All mortgages work in the same simple way. You borrow money to purchase a property over a set number of years and pay interest on what you owe.
The amount you pay back each month is based on how much you borrow, the interest rate charged and the number of years selected. Also, whether your mortgage is on a Repayment basis or Interest Only basis.
What is the difference between Repayment and Interest Only?
The majority of mortgages are arranged on a repayment basis – also known as capital and interest. This essentially means for every payment you make you will repay a proportion of the capital borrowed as well as pay an element of interest on what you owe. Assuming you meet all your payments at the end of your agreed mortgage term you will owe nothing to the lender and your home shall be mortgage-free / owned outright.
Interest-only is very different. This means you are only paying the interest on the amount borrowed and the capital amount you owe will not reduce. At the end of your mortgage if you have only paid interest you will still owe the full amount borrowed from the outset. Not everyone is eligible for Interest Only and certain criteria would need to be met for this to be considered. Speaking to an advisor is the best way forward if you are considering this type of mortgage.
What are the different types of mortgage rates?
- Fixed Rate
- Variable Rate
Fixed rate mortgage is you pay a fixed payment for a set term, normally this will be from two to five years but can be longer than this. A fixed rate will give you peace of mind as your monthly payments will be the same every month and if interest rates change you shall be unaffected.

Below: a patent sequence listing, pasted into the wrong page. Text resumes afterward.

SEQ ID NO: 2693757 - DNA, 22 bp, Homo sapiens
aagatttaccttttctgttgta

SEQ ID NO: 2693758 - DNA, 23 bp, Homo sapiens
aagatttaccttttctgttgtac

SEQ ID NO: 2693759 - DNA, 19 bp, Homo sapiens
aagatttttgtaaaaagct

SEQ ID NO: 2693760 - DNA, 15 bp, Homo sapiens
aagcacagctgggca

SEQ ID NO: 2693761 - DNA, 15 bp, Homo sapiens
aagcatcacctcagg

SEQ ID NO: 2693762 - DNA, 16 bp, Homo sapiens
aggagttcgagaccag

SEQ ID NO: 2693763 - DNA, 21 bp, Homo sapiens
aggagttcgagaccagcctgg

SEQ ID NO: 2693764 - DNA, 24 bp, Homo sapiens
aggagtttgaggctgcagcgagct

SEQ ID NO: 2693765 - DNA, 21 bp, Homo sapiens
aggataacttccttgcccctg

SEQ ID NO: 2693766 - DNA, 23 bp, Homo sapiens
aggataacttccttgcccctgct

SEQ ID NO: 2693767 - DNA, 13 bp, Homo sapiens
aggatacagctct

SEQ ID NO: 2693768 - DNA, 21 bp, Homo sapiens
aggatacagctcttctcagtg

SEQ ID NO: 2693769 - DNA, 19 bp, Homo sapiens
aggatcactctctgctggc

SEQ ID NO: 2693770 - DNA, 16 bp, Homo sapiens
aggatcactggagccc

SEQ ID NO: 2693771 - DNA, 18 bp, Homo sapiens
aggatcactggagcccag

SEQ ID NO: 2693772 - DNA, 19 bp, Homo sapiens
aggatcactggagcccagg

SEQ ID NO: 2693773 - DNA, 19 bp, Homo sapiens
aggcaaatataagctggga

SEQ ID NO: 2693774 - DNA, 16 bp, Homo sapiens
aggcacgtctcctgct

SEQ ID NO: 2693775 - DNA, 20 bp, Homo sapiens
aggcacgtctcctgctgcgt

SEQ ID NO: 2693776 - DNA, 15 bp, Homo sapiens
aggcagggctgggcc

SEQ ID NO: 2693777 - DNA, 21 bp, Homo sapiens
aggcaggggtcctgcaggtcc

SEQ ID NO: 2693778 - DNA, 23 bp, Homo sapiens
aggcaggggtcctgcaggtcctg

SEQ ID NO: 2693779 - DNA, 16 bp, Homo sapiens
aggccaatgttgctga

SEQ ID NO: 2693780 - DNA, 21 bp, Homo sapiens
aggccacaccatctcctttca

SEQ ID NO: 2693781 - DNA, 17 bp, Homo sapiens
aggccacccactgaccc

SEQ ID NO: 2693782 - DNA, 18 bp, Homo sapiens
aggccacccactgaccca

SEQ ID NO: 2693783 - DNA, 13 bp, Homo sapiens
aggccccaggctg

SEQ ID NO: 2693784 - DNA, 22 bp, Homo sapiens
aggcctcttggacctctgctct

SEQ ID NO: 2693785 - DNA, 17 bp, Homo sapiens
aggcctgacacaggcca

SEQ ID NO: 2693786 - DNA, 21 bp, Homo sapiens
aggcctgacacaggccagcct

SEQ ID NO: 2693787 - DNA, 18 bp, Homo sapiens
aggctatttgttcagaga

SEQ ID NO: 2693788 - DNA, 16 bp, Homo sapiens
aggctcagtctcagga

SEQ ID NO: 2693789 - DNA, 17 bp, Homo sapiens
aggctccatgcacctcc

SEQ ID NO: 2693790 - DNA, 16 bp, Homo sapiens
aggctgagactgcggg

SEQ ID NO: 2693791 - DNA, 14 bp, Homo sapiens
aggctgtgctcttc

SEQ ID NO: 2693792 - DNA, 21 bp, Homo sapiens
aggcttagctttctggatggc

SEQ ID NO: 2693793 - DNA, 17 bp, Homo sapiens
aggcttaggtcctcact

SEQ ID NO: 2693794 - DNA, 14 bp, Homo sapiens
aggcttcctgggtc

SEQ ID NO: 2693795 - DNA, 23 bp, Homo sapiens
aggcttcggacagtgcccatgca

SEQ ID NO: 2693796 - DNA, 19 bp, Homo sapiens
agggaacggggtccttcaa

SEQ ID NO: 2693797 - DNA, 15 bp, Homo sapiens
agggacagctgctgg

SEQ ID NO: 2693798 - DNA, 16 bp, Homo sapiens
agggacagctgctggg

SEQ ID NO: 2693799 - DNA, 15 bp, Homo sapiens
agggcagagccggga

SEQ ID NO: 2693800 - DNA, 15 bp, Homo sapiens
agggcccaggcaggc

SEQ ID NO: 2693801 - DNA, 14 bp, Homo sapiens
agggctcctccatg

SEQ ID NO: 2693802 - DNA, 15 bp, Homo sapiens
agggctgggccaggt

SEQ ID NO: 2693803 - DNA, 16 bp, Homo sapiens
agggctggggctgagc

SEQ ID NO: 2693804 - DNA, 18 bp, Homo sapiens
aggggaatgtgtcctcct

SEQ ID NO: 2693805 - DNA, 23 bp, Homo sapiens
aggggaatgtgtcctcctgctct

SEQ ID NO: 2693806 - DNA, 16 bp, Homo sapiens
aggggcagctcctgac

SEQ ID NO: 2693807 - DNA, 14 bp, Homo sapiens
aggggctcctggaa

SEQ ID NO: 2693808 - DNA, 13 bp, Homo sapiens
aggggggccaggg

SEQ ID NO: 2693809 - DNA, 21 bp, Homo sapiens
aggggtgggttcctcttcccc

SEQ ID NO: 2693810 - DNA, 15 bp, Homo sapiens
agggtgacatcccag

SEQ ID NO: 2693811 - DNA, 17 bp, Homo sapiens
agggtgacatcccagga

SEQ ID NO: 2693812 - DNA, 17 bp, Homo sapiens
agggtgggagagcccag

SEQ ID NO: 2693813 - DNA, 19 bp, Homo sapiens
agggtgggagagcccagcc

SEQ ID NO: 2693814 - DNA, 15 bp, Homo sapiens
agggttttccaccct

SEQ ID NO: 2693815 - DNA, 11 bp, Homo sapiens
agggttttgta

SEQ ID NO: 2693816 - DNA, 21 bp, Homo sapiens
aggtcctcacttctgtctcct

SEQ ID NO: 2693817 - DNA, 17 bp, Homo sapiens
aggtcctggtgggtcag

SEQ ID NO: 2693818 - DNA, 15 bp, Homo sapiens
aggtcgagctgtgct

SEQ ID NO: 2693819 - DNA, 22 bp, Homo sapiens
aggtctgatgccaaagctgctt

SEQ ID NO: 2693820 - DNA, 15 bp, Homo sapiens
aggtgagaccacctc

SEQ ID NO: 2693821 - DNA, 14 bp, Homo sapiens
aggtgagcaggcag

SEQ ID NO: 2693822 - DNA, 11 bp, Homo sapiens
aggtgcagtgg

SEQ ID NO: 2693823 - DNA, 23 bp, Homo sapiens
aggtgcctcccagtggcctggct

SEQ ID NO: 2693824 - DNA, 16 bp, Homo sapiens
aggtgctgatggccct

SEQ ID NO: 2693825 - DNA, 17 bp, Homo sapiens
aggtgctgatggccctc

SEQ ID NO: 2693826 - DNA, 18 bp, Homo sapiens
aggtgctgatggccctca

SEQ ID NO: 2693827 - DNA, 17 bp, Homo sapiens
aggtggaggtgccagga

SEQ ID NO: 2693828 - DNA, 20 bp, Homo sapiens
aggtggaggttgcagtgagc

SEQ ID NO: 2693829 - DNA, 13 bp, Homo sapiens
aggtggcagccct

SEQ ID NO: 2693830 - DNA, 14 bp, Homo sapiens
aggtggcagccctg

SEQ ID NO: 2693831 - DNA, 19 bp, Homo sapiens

In simple terms if you have a variable mortgage it means you payments could go up or down over time. Most lenders have a Standard Variable Rate (SVR) which is the rate the lender charges when a borrowers mortgage deal comes to an end. When a borrower is on a lenders SVR it usually suggests they are no longer tied in or under penalty so you could be eligible to move away to a new lender or take a new deal.
Tracker rate mortgages, will track a nominated interest rate plus a set percentage for a certain period of time. Most lenders tend to follow the Bank of England (BOE) base rate. When the BOE base rate increases your mortgage payments would increase by the same % percentage amount. If the BOE base rate decreases your mortgage payments would go down by the same % percentage amount.
A discounted mortgage rate offers a reduction from a lender SVR for a set amount of time. Normally, this may be for two to five years. Similar to a tracker rate your rate can go up or down.
Capped rate mortgages
Similar to a variable rate mortgage, capped rates can go up or down over time, but the Cap is a limit which your interest rate cannot go above. This can give you some certainty that your payments would not exceed a particular amount.
An offset mortgage enables you to offset your savings against your mortgage. Rather than earn interest on your savings you are charged less on your mortgage debt. A borrower can choose to reduce their monthly payment as result of reduced interest charge or choose to reduce the mortgage term by paying it off at a faster rate. The right option will depend on individual circumstances and what you are hoping to achieve.